In recent conversations with a couple of folks in the banking field, the consensus seemed to be that some reforms were overdue. But concern remains, in the banking industry, that these stricter rules have arrived at a time when the consumer has more options than ever—options that could be seen as alternatives to traditional banking.
For financial institutions of all kinds, it will be important to make these new rules clear for the consumer. While these new laws are seen as consumer protections, it is rare that new government policy makes anything more simple.
A piece from Media Post’s “Engage: Boomers” cautions marketers to not overlook the fact that many boomers are at-ease with getting older… and reminds us of the size of the boomer market. A Monday story from Advertising Age cites Nielsen data to illustrate how lucrative the group can be, if courted well. And Ad Age wasn’t the only trade magazine to quote the research: Friend and trend watcher JoAnne Naganawa sent me this clipping from Candy & Snack Today. The report is cited again today in Media Post's Marketing Daily. (You can read the Nielsen-authored summary of the findings by clicking here.)
Implications: Yes, “baby boomer” represents a significant share of the population, demographically speaking… and if you could dip your hand into their collective wallets, you could pull back a big fist of money. But the term “baby boomers” does not exactly represent a well-defined target consumer. There are all kinds of sub-sets within the boomer genre.
Those who have grandkids and those who don’t. Those who are empty-nesters and those who still host “boomerang” adult children, or have younger children that have never left the nest. Those who are retired and those who are years away from retirement. The list of distinctions is almost infinite.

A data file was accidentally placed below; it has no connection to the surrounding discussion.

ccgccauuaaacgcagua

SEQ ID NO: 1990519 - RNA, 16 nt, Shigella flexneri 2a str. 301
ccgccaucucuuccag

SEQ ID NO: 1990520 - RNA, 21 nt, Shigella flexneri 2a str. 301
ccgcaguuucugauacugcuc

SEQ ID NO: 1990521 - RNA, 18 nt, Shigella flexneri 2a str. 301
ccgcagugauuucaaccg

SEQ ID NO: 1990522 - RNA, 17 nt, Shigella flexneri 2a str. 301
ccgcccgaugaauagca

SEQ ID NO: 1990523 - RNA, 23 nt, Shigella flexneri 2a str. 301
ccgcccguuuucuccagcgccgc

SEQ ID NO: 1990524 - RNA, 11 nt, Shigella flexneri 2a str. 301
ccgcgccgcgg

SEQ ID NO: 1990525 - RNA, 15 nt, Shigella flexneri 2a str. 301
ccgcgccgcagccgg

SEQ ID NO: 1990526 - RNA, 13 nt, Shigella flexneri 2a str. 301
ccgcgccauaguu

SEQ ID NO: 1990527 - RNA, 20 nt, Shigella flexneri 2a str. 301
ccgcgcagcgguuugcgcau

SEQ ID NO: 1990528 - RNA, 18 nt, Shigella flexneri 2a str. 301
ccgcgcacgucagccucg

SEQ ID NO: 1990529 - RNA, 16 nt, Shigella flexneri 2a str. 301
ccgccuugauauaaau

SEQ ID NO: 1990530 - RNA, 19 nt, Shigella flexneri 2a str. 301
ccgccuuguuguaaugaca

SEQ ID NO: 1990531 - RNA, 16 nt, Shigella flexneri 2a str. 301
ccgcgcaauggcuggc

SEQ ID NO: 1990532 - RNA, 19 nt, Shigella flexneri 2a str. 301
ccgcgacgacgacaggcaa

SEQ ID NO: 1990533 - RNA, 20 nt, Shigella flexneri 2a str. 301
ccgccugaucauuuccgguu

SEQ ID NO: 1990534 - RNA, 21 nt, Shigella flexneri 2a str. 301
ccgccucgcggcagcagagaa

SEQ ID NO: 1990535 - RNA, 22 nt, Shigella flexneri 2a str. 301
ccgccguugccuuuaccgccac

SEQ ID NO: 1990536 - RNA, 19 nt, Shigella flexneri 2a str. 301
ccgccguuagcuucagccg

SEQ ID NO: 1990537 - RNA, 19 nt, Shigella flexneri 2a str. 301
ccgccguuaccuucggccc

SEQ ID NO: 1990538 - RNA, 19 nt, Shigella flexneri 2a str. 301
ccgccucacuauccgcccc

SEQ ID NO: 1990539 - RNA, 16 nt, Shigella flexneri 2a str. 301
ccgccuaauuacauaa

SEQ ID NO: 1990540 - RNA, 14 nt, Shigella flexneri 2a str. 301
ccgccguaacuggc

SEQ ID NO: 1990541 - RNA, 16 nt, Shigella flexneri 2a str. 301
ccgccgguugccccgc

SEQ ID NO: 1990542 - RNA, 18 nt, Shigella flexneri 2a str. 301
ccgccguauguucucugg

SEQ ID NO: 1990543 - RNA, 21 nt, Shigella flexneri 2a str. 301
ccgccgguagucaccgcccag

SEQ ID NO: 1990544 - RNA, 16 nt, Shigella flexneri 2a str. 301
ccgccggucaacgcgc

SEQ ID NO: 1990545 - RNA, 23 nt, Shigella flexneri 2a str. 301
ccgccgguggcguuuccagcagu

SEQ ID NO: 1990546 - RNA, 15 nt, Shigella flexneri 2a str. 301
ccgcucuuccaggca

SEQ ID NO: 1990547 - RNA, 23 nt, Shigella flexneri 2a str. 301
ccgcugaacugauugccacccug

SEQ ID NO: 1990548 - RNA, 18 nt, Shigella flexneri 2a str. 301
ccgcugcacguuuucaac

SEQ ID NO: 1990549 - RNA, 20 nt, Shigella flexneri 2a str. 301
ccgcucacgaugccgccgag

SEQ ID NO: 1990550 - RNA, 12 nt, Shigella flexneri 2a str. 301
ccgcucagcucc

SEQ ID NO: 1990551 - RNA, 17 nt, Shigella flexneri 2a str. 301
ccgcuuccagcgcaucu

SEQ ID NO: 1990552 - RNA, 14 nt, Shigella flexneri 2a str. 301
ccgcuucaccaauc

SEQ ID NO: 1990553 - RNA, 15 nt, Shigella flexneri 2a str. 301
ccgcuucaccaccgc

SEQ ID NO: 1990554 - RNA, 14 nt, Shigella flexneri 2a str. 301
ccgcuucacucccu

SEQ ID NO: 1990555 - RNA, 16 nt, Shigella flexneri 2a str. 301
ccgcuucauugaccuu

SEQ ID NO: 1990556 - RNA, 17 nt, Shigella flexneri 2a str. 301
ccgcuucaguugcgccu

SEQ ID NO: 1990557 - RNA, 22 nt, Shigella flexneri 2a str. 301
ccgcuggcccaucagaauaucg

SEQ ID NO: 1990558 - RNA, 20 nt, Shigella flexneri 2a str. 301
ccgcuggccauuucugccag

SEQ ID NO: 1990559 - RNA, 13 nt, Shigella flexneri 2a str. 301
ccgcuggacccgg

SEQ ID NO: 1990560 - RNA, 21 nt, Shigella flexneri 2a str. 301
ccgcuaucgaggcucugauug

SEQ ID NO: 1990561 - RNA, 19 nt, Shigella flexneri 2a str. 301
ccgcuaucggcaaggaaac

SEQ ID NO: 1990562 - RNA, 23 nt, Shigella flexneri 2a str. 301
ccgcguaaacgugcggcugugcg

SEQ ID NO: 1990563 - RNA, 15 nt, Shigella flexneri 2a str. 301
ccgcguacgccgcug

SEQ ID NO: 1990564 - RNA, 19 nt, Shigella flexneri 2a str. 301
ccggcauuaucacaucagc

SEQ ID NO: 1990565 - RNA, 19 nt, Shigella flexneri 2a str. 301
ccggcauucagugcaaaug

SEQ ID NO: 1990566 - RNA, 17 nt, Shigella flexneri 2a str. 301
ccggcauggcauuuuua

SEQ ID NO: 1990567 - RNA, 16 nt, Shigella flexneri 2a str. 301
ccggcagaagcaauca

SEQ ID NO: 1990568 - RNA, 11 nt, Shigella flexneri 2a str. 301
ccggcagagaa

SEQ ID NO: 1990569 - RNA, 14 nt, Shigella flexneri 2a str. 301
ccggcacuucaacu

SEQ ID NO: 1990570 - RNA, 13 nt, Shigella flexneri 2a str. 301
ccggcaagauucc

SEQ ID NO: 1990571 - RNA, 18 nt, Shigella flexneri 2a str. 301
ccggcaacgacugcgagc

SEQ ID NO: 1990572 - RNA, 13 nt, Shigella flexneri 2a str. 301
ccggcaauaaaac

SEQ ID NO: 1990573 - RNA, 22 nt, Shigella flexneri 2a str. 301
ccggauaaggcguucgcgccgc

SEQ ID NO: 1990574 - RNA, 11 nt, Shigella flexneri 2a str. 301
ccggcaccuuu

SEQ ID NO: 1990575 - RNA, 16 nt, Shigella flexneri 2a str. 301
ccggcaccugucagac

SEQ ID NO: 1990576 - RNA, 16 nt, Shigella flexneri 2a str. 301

Narrow the target by understanding the deeper reasons of “why people buy,” and the benefits your customers hope to satisfy once your product or service is owned. Just a pilot must have a more specific desintation than "the sky" when filing a flight plan, you have to know--with some degree of specificity--which consumers you hope to land, from among such a broad population.
Wednesday, July 21, 2010
Implications: This story reminded me of another Media Post article I read back in May, which explained how Macy’s was attempting to position its stores as a “tourist destination” to be explored, not just a department store.
Could you do the same? If you run a restaurant, a theme park, a professional baseball team, a day spa, a night club… you might offer an affordable alternative to a more elaborate get-away. The key, of course, is to be realistic (don't compare a stop at your specialty coffee shop to an exotic voyage to Tahiti). Instead, present your offering as a well-deserved reward; a small indulgence that can be easily justified after a recession-long period of self-denial. “If you can’t have _______ this year, you AT LEAST deserve to enjoy _______.”
Closing thought: Don't focus on the product or service you sell. Focus on the experience or benefit the consumer will enjoy.
New research from NPD Group—in an article in this morning’s Marketing Daily—seems to further validate our assertions. Click here to see the Marketing Daily story.
Implications: It’s not enough for the furniture store to advertise why they have the best furniture deal. The store messaging might also remind consumers why furniture is a smart buy right now… because the enjoyment lasts longer than going on vacation, or because it can make your home feel new without moving into a new house, or because it can refresh your space without making the family suffer through the mess of home improvement project.
If you sell home improvement, real estate or vacations… don’t worry, I’m not picking on you. I’m suggesting that you, too, should be positioning your products and services against other categories the consumer might be considering.
Wednesday, July 14, 2010
Implications: I, for one, have begun to resent the time and effort it takes to update the various laptops, desktop, and smartphones that are floating around the household. Cloud computing—at the least—means that regardless of the machine I’m on, I’m looking at the most recent version of a document or project.
Many consumers—unknowingly, at first—have become spoiled by that universal convenience, by using various web-based tools like Google Docs, Box.net, g-mail, Hotmail, et al.